Monday, October 1, 2012
This is the time of year to make apple butter, apple pies, apple crisp and stock up on homemade apple cider vinegar. I thought you'd like to see how to make the apple cider vinegar. You can use whatever amount of apple scraps to make the vinegar. The most important ingredients for successful results are patients, clean apples, sterilized utensils and jars.
1. Wash the apples very well. Note: If you purchase apples at the store, many times they have a wax coating. You will need to remove the wax coating from the apples - If at all possible, buy organic, non-waxed apples. You can also use crab apples. Experiment with different varieties and find what suits your tastes best.
2. Peel and core the apples saving the skins and cores. (Use the apple slices for a pie, apple butter, apple cake or apple crisp.) I use between 8 - 12 medium sized apples.
3. After you peel and core the apples, you need to get a large bowl, crock or jar. (Check to make sure the glaze does not contain lead glazes.) Put the peels and cores into the vessel. I use a large glass jar I use for fermenting veggies. MAKE SURE EVERYTHING IS STERILIZED.
4. Cover peels and cores with water (measure by quarts) and cover them by an inch or so of water. For every quart of water used to cover the apple scraps, you'll need 1/4 cup of sugar.
5. After measuring the sugar, mix it into the apple scraps and water until dissolved.
I use a small white glass plate that fits perfectly inside my 5 gallon fermenting jar to keep the scraps submerged.
(I have found it is easier for me to use the 5 gallon glass jar - it is easier to sterilize and I can peek at the progress!)
8. Cover the top of the vessel with a piece of cheese cloth so it can breathe and gas. It will also keep bugs from getting into your mixture. Secure on the vessel with a rubber band.
10. Strain the scraps in a colander lined with cheese cloth. Sterilize some Mason Jars (canning jars). After straining the scraps, pour the strained liquid into the sterilized canning jars leaving 1" head space and cover the top with a piece of cheese cloth and secure with either the rubber band or the screw band. ( I prefer using the rubber band because the screw bands sometime rust.)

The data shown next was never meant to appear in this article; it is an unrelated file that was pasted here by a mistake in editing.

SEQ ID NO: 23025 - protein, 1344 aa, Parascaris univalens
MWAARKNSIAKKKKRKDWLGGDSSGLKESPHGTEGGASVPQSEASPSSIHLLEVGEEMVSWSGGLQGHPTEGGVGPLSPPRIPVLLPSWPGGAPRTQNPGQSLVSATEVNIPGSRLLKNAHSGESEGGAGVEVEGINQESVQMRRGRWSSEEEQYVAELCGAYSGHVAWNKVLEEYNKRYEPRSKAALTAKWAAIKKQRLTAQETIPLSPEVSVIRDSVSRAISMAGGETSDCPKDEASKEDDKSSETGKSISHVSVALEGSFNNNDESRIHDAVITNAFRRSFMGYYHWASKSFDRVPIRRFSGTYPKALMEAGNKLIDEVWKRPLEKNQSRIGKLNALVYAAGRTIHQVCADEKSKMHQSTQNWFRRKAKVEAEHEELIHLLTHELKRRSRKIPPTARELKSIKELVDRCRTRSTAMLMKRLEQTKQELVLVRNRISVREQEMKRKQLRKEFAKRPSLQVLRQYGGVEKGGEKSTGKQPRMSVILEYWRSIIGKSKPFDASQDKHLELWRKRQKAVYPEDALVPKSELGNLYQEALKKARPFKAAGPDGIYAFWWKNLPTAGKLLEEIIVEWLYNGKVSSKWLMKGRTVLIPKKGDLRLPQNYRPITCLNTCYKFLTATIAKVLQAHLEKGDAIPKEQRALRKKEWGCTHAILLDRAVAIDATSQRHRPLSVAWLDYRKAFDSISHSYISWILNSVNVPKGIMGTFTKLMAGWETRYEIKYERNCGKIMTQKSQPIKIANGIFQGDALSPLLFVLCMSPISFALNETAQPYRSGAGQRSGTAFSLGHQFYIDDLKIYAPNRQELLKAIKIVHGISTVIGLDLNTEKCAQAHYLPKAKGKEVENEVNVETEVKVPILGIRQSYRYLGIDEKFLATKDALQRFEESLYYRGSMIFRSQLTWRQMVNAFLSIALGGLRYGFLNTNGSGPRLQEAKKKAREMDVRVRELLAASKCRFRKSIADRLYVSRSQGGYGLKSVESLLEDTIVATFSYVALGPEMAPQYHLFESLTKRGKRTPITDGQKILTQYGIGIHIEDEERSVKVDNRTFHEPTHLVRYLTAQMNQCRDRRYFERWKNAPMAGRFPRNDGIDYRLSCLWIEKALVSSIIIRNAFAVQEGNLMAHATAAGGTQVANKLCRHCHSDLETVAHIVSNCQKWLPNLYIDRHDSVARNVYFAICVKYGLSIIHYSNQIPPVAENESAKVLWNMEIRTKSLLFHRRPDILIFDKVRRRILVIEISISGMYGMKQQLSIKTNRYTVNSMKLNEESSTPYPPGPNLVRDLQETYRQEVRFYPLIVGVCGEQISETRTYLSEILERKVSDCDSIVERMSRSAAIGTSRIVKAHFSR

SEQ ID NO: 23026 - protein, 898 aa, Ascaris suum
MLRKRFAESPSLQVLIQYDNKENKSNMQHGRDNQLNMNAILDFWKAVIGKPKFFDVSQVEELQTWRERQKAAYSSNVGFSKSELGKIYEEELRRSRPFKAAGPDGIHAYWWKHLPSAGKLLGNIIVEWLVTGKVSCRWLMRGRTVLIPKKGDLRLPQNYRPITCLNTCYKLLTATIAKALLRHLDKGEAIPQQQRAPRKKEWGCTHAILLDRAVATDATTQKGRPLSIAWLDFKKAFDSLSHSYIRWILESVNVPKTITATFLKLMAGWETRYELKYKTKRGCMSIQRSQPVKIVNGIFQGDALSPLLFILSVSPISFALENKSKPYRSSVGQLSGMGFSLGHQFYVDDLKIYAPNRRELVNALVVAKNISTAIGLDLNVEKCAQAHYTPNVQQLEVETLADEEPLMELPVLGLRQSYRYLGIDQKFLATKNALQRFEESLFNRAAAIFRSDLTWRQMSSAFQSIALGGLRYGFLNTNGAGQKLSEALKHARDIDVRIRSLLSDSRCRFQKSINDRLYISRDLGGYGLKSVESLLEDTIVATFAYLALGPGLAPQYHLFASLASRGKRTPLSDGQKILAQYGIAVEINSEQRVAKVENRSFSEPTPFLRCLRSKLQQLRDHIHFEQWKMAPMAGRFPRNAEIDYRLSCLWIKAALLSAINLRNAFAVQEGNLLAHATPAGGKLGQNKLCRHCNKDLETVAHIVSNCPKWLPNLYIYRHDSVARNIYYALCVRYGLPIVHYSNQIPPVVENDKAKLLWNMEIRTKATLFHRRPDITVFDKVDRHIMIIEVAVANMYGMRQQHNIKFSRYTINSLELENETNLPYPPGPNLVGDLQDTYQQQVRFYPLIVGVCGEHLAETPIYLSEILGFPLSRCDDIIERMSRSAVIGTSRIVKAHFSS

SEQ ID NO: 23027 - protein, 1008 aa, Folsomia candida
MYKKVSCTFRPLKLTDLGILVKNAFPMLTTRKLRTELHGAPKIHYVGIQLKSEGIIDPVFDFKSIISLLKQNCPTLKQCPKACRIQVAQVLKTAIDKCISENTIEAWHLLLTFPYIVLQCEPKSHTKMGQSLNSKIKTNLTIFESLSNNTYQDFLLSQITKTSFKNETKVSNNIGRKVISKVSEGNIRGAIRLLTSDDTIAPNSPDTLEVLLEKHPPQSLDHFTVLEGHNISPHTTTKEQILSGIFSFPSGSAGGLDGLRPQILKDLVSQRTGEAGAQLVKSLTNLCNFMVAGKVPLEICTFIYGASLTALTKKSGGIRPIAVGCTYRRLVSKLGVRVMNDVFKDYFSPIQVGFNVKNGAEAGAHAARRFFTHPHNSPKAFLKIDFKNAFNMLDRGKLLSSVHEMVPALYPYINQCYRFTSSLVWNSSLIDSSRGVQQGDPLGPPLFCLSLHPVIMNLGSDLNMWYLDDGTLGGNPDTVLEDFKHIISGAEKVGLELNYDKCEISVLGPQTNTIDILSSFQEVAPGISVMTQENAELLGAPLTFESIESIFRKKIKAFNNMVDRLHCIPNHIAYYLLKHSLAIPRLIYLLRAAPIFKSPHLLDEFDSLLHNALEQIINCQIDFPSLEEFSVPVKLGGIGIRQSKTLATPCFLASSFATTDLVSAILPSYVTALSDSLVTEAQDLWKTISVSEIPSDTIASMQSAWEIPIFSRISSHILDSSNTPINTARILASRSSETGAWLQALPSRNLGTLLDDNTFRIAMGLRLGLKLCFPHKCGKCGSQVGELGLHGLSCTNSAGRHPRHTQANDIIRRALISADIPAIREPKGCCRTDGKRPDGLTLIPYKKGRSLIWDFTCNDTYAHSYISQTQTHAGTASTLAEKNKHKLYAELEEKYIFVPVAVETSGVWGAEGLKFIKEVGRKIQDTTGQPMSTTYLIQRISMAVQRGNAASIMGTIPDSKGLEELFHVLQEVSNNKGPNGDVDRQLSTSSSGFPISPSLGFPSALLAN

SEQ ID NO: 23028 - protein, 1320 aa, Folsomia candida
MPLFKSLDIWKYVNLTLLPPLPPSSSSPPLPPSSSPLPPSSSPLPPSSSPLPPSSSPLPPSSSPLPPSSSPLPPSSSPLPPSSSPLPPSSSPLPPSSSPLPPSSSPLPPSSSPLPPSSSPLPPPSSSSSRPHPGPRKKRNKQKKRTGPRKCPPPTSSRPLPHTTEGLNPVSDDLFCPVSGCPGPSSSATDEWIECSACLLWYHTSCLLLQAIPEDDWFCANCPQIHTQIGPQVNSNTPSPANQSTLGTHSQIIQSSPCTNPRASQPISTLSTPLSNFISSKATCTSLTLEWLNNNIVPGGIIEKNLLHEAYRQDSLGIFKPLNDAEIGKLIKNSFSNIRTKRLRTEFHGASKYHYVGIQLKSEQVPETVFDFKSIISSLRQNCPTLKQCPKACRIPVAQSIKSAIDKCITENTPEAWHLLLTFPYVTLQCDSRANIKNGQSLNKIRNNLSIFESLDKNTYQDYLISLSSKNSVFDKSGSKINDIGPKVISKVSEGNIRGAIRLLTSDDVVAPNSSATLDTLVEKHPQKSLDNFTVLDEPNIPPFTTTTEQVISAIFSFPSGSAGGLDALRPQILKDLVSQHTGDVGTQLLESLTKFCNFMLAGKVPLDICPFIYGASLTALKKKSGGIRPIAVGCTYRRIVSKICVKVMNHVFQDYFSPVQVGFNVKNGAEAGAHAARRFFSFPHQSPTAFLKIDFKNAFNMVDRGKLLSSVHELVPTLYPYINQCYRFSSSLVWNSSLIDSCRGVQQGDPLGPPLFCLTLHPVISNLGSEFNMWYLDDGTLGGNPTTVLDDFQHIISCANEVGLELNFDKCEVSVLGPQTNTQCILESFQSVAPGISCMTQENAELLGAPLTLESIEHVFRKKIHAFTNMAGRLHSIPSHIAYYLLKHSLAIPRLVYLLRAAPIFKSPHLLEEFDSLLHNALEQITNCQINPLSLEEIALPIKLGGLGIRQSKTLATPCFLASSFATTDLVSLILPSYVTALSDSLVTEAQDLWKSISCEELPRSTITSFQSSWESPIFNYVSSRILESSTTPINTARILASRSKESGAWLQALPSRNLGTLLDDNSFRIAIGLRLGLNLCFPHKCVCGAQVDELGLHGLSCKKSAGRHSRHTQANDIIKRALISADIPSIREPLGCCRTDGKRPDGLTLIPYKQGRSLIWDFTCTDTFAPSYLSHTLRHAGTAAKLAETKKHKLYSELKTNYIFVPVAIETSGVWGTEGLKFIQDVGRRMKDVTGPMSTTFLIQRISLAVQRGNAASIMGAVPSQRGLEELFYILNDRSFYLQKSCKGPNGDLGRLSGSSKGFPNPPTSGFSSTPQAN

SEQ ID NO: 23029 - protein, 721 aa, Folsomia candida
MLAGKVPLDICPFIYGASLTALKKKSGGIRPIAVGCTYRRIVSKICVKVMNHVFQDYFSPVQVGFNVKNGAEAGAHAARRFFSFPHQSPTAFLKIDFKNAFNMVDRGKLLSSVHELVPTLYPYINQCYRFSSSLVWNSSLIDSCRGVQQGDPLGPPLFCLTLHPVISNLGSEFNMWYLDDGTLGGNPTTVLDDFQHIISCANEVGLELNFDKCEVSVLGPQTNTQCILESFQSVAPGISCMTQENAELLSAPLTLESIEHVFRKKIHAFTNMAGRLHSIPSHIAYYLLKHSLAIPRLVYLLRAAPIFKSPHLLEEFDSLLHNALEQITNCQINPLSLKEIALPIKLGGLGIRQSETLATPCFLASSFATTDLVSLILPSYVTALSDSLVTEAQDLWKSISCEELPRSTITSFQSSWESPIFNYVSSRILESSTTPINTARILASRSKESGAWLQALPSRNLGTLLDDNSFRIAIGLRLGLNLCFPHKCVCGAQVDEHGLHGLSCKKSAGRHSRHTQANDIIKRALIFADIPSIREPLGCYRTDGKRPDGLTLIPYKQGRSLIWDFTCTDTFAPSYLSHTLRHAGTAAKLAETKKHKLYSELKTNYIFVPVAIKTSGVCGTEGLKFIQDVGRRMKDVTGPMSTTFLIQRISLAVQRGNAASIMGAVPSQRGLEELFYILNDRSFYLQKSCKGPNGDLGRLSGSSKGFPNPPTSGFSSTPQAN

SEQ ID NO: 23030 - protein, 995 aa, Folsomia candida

11. Store the jars in your pantry or anywhere where it is still dark and cool for another 6 weeks. A film will start forming on the top of the liquid - This is the "Mother". There will be sediment on the bottom of the jar. You can stir it up and more "Mother" will form on the top. Saving some of the "Mother" will speed up the process the next time you make vinegar.
12. At 6 weeks, the yeast should have eaten all of the sugar which leaves you with shelf-stable vinegar! Remove the cheesecloth and replace with a sterilized lid and screw cover. Apple Cider Vinegar lasts indefinitely if kept stored in a cool dark place.
Apple Cider Vinegar that contains the "Mother" has numerous health benefits. While most apple cider vinegar in grocery stores do not contain the "Mother" - It is pasteurized and filtered which removes the health benefits. (You can find unpasteurized vinegar with "Mother" at health food stores for about $6.00 a quart or more.) Read about the amazing health benefits by clicking here.
CLICK HERE - My Youtube Video on Making Vinegar